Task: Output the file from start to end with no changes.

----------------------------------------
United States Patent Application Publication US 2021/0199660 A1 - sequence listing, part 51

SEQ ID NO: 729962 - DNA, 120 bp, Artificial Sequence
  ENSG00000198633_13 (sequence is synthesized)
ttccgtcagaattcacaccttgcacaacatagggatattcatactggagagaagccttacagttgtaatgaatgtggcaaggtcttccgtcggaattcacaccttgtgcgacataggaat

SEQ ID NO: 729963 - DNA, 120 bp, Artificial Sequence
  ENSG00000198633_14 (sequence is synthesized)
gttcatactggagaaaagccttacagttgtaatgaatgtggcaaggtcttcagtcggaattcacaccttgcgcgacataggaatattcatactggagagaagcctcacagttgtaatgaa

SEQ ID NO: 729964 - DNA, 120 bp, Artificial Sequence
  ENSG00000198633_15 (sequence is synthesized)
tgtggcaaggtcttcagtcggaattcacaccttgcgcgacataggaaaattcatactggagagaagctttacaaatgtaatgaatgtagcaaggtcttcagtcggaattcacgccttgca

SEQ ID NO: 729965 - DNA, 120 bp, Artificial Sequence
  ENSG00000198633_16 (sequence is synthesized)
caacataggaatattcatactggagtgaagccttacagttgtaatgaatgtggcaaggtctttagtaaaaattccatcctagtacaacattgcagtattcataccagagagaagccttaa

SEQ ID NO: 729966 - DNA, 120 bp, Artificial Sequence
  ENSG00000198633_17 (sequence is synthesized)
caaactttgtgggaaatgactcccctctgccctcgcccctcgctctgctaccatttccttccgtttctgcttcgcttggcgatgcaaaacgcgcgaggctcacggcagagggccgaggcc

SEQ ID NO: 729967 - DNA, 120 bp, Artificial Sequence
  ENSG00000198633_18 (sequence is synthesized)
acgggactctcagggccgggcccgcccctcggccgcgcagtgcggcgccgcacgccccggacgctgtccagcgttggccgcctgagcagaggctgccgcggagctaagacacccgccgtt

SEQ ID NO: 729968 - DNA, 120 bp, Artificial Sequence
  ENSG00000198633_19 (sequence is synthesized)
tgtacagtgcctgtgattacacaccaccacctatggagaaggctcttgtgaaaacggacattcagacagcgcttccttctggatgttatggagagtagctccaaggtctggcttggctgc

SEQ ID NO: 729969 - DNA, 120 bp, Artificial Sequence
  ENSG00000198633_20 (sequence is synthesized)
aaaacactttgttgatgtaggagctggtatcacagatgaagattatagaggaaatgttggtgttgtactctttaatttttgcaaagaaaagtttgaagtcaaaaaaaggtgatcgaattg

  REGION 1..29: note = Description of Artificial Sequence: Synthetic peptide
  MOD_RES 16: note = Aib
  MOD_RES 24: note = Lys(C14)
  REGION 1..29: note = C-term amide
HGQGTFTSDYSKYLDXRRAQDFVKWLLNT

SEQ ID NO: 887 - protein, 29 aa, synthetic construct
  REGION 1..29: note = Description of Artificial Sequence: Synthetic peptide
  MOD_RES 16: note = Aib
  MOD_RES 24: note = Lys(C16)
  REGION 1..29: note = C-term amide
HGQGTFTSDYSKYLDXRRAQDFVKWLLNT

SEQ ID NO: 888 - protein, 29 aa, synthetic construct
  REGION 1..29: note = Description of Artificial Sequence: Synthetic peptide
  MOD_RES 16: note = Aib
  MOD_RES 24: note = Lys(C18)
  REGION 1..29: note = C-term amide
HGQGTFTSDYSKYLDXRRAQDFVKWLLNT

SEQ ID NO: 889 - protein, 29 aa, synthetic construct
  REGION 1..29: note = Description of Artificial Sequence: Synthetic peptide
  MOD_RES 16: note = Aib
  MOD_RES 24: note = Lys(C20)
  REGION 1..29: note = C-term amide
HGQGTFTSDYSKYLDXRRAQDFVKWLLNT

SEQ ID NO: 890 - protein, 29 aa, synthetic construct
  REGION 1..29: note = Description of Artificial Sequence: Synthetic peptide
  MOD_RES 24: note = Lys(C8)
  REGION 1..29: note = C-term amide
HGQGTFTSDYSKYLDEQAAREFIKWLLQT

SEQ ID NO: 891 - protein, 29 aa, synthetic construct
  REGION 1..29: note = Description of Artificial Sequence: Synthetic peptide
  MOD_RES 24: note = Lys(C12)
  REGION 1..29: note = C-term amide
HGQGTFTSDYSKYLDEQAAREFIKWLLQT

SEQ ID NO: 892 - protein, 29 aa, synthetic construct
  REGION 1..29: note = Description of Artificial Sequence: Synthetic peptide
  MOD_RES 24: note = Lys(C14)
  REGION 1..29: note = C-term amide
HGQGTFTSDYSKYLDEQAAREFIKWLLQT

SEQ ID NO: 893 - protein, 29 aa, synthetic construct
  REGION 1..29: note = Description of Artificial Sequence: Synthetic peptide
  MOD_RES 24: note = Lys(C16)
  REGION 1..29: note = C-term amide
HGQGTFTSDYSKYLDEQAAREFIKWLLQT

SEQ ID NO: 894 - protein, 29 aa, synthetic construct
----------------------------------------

United States Patent Application Publication US 2021/0199660 A1 - sequence listing, part 51

SEQ ID NO: 729962 - DNA, 120 bp, Artificial Sequence
  ENSG00000198633_13 (sequence is synthesized)
ttccgtcagaattcacaccttgcacaacatagggatattcatactggagagaagccttacagttgtaatgaatgtggcaaggtcttccgtcggaattcacaccttgtgcgacataggaat

SEQ ID NO: 729963 - DNA, 120 bp, Artificial Sequence
  ENSG00000198633_14 (sequence is synthesized)
gttcatactggagaaaagccttacagttgtaatgaatgtggcaaggtcttcagtcggaattcacaccttgcgcgacataggaatattcatactggagagaagcctcacagttgtaatgaa

SEQ ID NO: 729964 - DNA, 120 bp, Artificial Sequence
  ENSG00000198633_15 (sequence is synthesized)
tgtggcaaggtcttcagtcggaattcacaccttgcgcgacataggaaaattcatactggagagaagctttacaaatgtaatgaatgtagcaaggtcttcagtcggaattcacgccttgca

SEQ ID NO: 729965 - DNA, 120 bp, Artificial Sequence
  ENSG00000198633_16 (sequence is synthesized)
caacataggaatattcatactggagtgaagccttacagttgtaatgaatgtggcaaggtctttagtaaaaattccatcctagtacaacattgcagtattcataccagagagaagccttaa

SEQ ID NO: 729966 - DNA, 120 bp, Artificial Sequence
  ENSG00000198633_17 (sequence is synthesized)
caaactttgtgggaaatgactcccctctgccctcgcccctcgctctgctaccatttccttccgtttctgcttcgcttggcgatgcaaaacgcgcgaggctcacggcagagggccgaggcc

SEQ ID NO: 729967 - DNA, 120 bp, Artificial Sequence
  ENSG00000198633_18 (sequence is synthesized)
acgggactctcagggccgggcccgcccctcggccgcgcagtgcggcgccgcacgccccggacgctgtccagcgttggccgcctgagcagaggctgccgcggagctaagacacccgccgtt

SEQ ID NO: 729968 - DNA, 120 bp, Artificial Sequence
  ENSG00000198633_19 (sequence is synthesized)
tgtacagtgcctgtgattacacaccaccacctatggagaaggctcttgtgaaaacggacattcagacagcgcttccttctggatgttatggagagtagctccaaggtctggcttggctgc

SEQ ID NO: 729969 - DNA, 120 bp, Artificial Sequence
  ENSG00000198633_20 (sequence is synthesized)
aaaacactttgttgatgtaggagctggtatcacagatgaagattatagaggaaatgttggtgttgtactctttaatttttgcaaagaaaagtttgaagtcaaaaaaaggtgatcgaattg

  REGION 1..29: note = Description of Artificial Sequence: Synthetic peptide
  MOD_RES 16: note = Aib
  MOD_RES 24: note = Lys(C14)
  REGION 1..29: note = C-term amide
HGQGTFTSDYSKYLDXRRAQDFVKWLLNT

SEQ ID NO: 887 - protein, 29 aa, synthetic construct
  REGION 1..29: note = Description of Artificial Sequence: Synthetic peptide
  MOD_RES 16: note = Aib
  MOD_RES 24: note = Lys(C16)
  REGION 1..29: note = C-term amide
HGQGTFTSDYSKYLDXRRAQDFVKWLLNT

SEQ ID NO: 888 - protein, 29 aa, synthetic construct
  REGION 1..29: note = Description of Artificial Sequence: Synthetic peptide
  MOD_RES 16: note = Aib
  MOD_RES 24: note = Lys(C18)
  REGION 1..29: note = C-term amide
HGQGTFTSDYSKYLDXRRAQDFVKWLLNT

SEQ ID NO: 889 - protein, 29 aa, synthetic construct
  REGION 1..29: note = Description of Artificial Sequence: Synthetic peptide
  MOD_RES 16: note = Aib
  MOD_RES 24: note = Lys(C20)
  REGION 1..29: note = C-term amide
HGQGTFTSDYSKYLDXRRAQDFVKWLLNT

SEQ ID NO: 890 - protein, 29 aa, synthetic construct
  REGION 1..29: note = Description of Artificial Sequence: Synthetic peptide
  MOD_RES 24: note = Lys(C8)
  REGION 1..29: note = C-term amide
HGQGTFTSDYSKYLDEQAAREFIKWLLQT

SEQ ID NO: 891 - protein, 29 aa, synthetic construct
  REGION 1..29: note = Description of Artificial Sequence: Synthetic peptide
  MOD_RES 24: note = Lys(C12)
  REGION 1..29: note = C-term amide
HGQGTFTSDYSKYLDEQAAREFIKWLLQT

SEQ ID NO: 892 - protein, 29 aa, synthetic construct
  REGION 1..29: note = Description of Artificial Sequence: Synthetic peptide
  MOD_RES 24: note = Lys(C14)
  REGION 1..29: note = C-term amide
HGQGTFTSDYSKYLDEQAAREFIKWLLQT

SEQ ID NO: 893 - protein, 29 aa, synthetic construct
  REGION 1..29: note = Description of Artificial Sequence: Synthetic peptide
  MOD_RES 24: note = Lys(C16)
  REGION 1..29: note = C-term amide
HGQGTFTSDYSKYLDEQAAREFIKWLLQT

SEQ ID NO: 894 - protein, 29 aa, synthetic construct